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Paying attention to attention deficit disorder

By Michael Ceo



For children struggling with attention deficit disorder, a common learning disability, as well as their families, teachers, physicians and friends, ADD can be a source of enormous frustration and anguish.


People with ADD have difficulty focusing attention and completing tasks. They are easily distracted, seem scattered and disorganized, and are somewhat impulsive. The dilemma of attention deficit disorder is a pervasive experience of failing at tasks but feeling powerless to fix it. Without treatment, this chronic helplessness and inability to measure up can lead to anxiety and depression.


To understand this disorder, I turned to Dr. Toby Behrmann, a local clinical psychologist who specializes in diagnosing and treating ADD. He emphasized that the disorder involves difficulties processing information and is distinct from one's intelligence. Very smart people can struggle with ADD.


"While IQ measures the level of complexity of someone's thinking, people with ADD have trouble absorbing information or staying on task," Dr. Behrmann said.


ADD is seen as a "soft" neurological disorder that involves the functioning of the brain, unlike other structural neurological disorders that may show up on a CAT scan. Since the neurons that make up the brain do not develop until age 8, ADD cannot be accurately diagnosed until then. Dr. Behrmann added that distraction in children may also be caused by anxiety or agitated depression, so it would be important to rule out these possibilities in making a diagnosis.


A key question to ask is whether a child is mastering the tasks of everyday life that are appropriate to his/her age, specifically in the activities of home, school, chores and friendship. If a child is successful and there is ADD, there need not be urgency.


Since attention deficit disorder is a relatively recent diagnosis, it has been the source of considerable controversy and confusion especially for teachers and parents.


The disorder has likely been around forever, but since our workforce and society has generated ever-increasing expectations for people to be educated, work in teams, be self-motivated and detail oriented, there is more attention being given to attention deficit. Perhaps in past generations, people with ADD simply worked in manual trades with close supervision where such higher order mental functioning was not as crucial to get by as it is today.


What causes ADD? According to Dr. Behrmann, 10-20 percent of ADD may be caused by birth trauma, food sensitivities or environmental factors, but it is mostly genetic much like any other trait. One third of suspected ADD cases simply resolve themselves by the time a child reaches adolescence.


To learn more about clinical studies about the effects of and treatments for ADD, I turned to another local child psychologist, Dr. Robert Verdile.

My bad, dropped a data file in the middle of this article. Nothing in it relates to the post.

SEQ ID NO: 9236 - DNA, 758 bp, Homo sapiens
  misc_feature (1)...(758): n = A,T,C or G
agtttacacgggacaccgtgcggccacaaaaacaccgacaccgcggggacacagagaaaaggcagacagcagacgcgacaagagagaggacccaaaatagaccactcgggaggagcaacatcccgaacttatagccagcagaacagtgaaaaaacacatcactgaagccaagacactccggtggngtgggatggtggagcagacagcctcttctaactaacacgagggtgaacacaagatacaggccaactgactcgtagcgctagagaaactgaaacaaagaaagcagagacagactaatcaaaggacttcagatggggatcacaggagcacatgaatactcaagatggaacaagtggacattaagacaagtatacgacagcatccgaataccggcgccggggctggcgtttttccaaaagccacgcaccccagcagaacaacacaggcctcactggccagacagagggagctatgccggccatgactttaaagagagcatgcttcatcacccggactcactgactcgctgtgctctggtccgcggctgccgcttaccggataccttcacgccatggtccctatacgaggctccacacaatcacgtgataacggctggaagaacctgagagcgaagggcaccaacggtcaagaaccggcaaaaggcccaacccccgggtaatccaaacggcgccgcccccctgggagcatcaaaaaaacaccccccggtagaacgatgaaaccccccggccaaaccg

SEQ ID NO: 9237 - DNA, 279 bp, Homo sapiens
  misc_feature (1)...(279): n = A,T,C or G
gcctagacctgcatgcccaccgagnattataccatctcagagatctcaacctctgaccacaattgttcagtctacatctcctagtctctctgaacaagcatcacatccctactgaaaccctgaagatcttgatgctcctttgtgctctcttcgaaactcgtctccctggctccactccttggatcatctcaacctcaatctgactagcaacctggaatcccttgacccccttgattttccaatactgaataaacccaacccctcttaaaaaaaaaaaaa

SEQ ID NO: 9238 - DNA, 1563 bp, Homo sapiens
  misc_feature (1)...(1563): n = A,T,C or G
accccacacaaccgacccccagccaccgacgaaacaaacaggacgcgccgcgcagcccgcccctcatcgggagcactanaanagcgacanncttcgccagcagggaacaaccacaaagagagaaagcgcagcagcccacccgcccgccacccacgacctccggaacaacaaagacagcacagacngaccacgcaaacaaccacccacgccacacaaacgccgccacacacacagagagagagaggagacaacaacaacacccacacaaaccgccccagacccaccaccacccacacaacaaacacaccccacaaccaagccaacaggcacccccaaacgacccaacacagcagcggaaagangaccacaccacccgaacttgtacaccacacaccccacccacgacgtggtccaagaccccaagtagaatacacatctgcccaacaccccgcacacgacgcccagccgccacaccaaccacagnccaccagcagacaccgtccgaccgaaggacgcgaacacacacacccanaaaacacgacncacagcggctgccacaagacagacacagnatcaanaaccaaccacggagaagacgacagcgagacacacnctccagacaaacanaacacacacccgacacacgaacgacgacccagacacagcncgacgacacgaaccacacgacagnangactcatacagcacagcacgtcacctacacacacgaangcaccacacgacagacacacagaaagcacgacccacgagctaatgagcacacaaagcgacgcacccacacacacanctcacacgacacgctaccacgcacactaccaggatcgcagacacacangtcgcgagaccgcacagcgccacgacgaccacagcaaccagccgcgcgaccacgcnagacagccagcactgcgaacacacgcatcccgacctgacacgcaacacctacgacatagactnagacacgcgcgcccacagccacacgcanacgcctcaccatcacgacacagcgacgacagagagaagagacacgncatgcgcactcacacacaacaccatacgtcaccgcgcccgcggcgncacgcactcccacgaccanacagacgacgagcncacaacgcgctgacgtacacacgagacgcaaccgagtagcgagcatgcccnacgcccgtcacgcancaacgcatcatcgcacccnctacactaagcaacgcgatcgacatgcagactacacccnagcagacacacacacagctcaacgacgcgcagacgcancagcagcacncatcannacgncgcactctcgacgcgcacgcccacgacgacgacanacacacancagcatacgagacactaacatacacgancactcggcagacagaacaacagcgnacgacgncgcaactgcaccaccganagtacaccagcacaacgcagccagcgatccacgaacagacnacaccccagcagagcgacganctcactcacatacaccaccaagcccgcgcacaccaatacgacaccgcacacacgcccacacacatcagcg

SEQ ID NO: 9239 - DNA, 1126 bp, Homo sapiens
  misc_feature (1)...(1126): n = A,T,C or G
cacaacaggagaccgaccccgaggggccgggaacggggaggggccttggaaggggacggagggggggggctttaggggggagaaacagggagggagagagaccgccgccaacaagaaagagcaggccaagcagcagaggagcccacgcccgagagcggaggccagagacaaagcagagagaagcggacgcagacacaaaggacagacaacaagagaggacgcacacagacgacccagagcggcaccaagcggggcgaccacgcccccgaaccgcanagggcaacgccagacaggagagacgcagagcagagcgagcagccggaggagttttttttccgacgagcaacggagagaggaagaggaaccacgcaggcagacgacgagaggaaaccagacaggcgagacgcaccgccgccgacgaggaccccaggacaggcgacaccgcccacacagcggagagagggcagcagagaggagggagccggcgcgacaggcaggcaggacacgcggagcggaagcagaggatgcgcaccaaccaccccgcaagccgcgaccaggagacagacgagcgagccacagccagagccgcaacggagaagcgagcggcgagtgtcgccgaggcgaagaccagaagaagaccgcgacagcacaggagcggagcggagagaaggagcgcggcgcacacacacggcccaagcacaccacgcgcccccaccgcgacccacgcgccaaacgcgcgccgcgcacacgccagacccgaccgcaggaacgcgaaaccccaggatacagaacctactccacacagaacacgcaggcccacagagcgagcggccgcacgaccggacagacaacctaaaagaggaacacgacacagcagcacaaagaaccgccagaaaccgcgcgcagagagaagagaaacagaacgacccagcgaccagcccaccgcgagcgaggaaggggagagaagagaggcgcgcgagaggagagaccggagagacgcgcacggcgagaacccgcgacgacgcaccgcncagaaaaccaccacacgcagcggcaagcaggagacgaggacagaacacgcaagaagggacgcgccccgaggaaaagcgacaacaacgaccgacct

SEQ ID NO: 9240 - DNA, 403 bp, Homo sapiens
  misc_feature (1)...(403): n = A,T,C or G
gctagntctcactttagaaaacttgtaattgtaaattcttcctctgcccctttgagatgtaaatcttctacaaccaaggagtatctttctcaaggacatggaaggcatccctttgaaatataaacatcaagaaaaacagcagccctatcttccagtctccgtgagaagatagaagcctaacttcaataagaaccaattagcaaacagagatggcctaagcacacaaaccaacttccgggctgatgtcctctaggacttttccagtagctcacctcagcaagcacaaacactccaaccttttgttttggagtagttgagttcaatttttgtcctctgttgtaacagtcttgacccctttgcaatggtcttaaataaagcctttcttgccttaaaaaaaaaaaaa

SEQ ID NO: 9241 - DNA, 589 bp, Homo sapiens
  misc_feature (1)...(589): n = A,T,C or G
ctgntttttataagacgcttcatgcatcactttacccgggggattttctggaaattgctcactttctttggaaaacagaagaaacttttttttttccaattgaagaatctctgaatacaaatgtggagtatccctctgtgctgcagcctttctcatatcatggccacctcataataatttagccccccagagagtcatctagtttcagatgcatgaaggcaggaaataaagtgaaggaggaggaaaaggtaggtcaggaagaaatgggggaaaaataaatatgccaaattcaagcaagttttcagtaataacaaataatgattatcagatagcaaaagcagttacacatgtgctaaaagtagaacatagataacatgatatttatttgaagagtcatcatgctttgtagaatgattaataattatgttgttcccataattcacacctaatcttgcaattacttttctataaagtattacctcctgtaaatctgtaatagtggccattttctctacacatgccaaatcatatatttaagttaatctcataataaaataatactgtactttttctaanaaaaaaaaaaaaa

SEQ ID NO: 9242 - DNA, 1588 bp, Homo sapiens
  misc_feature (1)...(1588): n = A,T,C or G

He explained that when the active functioning of the brain is examined during a research procedure called a PET scan, people with ADD show differences. Normally when solving a problem, the entire brain is engaged in an activity. But when the brains of people with ADD are examined, only the sections of the brain involved with the problem "light up." This difference may explain why the medications for ADD work so well because they stimulate activity of the whole brain. Two of the medicines are short-acting stimulants called Ritalin and Concerta. Much like eyeglasses, said Dr. Verdile, medication for ADD is not curative but helps people function better.


In another study that evaluated the effectiveness of various treatments for ADD -- including behavior management, parent training, counseling, special education and medication -- the outcome proved conclusive. It turned out that careful medication was most effective in improving functioning while other treatments helped indirectly.


Clearly, understanding, knowledge and awareness of ADD need to be brought to bear if you suspect this condition either in a child or an adult. If so, talk over your observations with a physician or mental health professional.



If you suspect ADD in your child:


  1. Give your child one thing to do and have him/her report back to you when the task is completed. For example, ask the child to take clothes out of the laundry basket and put them in the washer.


  1. If your child accomplishes this task, try to make it more complicated by adding a second or third step to it. Help the child organize by printing out on separate cards or making a simple list of two or three steps that the child needs to follow, with the final step reporting back to you. The child can carry the cards or list with him or her.


  1. Next, review each task on the cards or list and determine if it was completed.


  1. Observe what happened. If the tasks were not completed, what specifically took place? Did the child go off and chase the cat or start playing in the middle of the list? The results of this exercise can help a mental health practitioner determine if ADD or another learning disorder is present.